Tuesday, March 08, 2005

Curse of the Cursing Stone

This has gotten a lot of press, and it tickles me: an artistic sculpture carved with the world's longest known curse in Carlisle is being blamed with the town's misfortunes in past years. There's a vote on as to whether the town should pay for it to be destroyed to rid them of their bad luck. One story is at BBC - Cumbria: Curse of the Cursing Stone.

thumb of cursing stone

The curse itself, a 16th century curse attributed to the Archbishop of Glasgow and aimed at the lawless raiders (reivers) of the borderlands, is vivid and vitriolic. It's also very comprehensive:

I curse them going and I curse them riding; I curse them standing and I curse them sitting; I curse them eating and I curse them drinking; I curse them rising, and I curse them lying; I curse them at home, I curse them away from home; I curse them within the house, I curse them outside of the house; I curse their wives, their children, and their servants who participate in their deeds.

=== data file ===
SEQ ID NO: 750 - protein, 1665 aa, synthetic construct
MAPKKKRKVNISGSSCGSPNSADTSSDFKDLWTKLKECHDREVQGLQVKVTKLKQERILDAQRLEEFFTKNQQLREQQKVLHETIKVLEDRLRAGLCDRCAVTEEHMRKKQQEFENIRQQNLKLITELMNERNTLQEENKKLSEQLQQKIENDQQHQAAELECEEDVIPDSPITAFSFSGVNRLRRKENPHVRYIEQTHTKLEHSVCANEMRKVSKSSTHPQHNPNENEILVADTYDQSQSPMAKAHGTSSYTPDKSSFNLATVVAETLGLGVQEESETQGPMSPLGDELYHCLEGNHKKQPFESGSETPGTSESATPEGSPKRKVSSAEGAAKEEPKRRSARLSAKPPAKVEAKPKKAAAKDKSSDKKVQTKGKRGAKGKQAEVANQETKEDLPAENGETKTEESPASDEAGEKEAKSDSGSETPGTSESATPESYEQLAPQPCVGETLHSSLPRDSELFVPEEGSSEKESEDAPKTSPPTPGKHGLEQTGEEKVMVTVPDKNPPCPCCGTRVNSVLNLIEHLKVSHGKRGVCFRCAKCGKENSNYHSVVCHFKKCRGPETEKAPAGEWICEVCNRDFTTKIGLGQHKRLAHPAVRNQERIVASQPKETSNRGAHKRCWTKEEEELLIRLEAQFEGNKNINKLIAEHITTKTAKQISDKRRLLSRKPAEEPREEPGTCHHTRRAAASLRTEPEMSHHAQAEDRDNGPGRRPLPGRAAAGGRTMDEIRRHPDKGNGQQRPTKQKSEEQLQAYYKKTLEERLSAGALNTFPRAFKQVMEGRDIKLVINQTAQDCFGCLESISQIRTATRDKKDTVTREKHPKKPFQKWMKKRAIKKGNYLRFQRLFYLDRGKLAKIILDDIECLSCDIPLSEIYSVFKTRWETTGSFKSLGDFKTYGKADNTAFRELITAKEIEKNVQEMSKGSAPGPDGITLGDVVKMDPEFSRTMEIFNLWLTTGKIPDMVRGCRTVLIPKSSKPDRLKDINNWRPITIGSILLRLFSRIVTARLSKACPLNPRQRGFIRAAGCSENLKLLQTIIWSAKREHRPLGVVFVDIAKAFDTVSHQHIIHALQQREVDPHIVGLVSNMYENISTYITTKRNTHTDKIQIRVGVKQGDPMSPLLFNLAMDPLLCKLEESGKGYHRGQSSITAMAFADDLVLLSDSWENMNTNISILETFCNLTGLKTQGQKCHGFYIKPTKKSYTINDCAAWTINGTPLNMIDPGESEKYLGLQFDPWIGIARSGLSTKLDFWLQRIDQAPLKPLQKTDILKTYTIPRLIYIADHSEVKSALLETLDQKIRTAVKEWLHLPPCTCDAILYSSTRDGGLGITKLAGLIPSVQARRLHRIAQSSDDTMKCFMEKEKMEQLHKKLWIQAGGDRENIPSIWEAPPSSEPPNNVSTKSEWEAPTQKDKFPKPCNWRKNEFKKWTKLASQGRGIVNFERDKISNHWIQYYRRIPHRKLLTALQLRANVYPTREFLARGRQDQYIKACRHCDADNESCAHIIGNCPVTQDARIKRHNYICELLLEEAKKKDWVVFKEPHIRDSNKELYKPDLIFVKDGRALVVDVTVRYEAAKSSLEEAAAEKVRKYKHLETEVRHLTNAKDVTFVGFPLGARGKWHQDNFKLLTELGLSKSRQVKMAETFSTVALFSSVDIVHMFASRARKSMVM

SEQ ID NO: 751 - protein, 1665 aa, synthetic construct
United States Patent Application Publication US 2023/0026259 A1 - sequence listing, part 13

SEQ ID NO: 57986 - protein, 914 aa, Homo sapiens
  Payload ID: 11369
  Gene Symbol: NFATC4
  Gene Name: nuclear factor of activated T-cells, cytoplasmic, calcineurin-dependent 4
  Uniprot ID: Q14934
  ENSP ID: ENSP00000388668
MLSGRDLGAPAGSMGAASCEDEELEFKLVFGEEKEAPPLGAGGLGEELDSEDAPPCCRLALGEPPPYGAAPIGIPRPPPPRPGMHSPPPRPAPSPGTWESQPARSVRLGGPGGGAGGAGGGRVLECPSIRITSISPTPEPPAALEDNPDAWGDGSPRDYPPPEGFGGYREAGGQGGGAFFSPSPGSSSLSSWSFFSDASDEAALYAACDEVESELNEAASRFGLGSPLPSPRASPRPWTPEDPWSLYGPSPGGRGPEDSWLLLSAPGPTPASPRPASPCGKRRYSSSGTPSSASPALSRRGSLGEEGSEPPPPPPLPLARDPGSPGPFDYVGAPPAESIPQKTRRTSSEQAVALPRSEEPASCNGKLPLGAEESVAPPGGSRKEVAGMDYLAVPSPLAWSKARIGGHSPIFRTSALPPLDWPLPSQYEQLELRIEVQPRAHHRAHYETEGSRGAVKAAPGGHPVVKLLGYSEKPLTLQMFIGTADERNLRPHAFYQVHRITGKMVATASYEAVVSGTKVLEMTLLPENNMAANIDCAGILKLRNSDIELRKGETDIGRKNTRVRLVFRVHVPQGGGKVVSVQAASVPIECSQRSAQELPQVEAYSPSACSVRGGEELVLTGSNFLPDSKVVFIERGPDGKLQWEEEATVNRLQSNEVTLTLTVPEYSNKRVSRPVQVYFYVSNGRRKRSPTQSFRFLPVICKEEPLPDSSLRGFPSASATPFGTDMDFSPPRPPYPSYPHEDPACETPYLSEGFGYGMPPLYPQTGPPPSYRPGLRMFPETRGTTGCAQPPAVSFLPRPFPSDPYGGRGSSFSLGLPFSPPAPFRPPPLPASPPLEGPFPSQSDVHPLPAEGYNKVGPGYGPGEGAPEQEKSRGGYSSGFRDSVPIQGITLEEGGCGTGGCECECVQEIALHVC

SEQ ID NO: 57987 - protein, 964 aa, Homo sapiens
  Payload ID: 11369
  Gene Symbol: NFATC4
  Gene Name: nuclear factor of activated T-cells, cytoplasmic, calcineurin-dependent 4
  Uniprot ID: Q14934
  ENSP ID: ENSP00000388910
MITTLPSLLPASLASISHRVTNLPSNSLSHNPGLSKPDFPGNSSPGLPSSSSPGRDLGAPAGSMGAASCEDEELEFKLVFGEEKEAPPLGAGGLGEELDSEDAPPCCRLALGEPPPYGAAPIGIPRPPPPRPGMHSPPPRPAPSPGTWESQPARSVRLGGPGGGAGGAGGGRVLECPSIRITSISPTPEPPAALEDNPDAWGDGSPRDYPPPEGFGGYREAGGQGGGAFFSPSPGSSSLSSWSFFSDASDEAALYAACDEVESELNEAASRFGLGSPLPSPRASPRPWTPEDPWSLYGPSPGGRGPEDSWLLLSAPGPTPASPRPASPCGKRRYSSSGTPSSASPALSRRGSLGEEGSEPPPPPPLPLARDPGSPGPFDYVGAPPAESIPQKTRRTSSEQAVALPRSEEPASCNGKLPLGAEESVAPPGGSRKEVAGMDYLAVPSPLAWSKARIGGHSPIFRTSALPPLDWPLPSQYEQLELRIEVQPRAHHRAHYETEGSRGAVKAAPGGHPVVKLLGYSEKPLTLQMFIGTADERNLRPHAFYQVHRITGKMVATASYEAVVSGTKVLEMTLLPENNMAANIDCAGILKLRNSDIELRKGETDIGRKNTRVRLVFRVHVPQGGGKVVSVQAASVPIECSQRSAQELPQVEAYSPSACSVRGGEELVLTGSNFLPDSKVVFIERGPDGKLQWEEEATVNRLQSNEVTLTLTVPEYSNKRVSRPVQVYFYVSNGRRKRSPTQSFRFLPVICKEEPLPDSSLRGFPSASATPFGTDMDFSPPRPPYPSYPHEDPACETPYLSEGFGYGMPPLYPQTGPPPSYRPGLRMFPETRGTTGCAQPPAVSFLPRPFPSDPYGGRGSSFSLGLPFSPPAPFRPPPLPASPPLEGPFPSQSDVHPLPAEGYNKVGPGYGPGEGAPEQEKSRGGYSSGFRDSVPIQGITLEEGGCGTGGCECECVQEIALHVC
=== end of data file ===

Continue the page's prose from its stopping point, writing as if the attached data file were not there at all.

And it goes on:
And there are about 18 other paragraphs with details on what should happen to them. But surprisingly, it ends on an upbeat note, as curses go!



Blogger AcouSvnt said...

Your subject/title had me expecting a stone with tourette's syndrome. Oh well; maybe next time.

1:30 PM  

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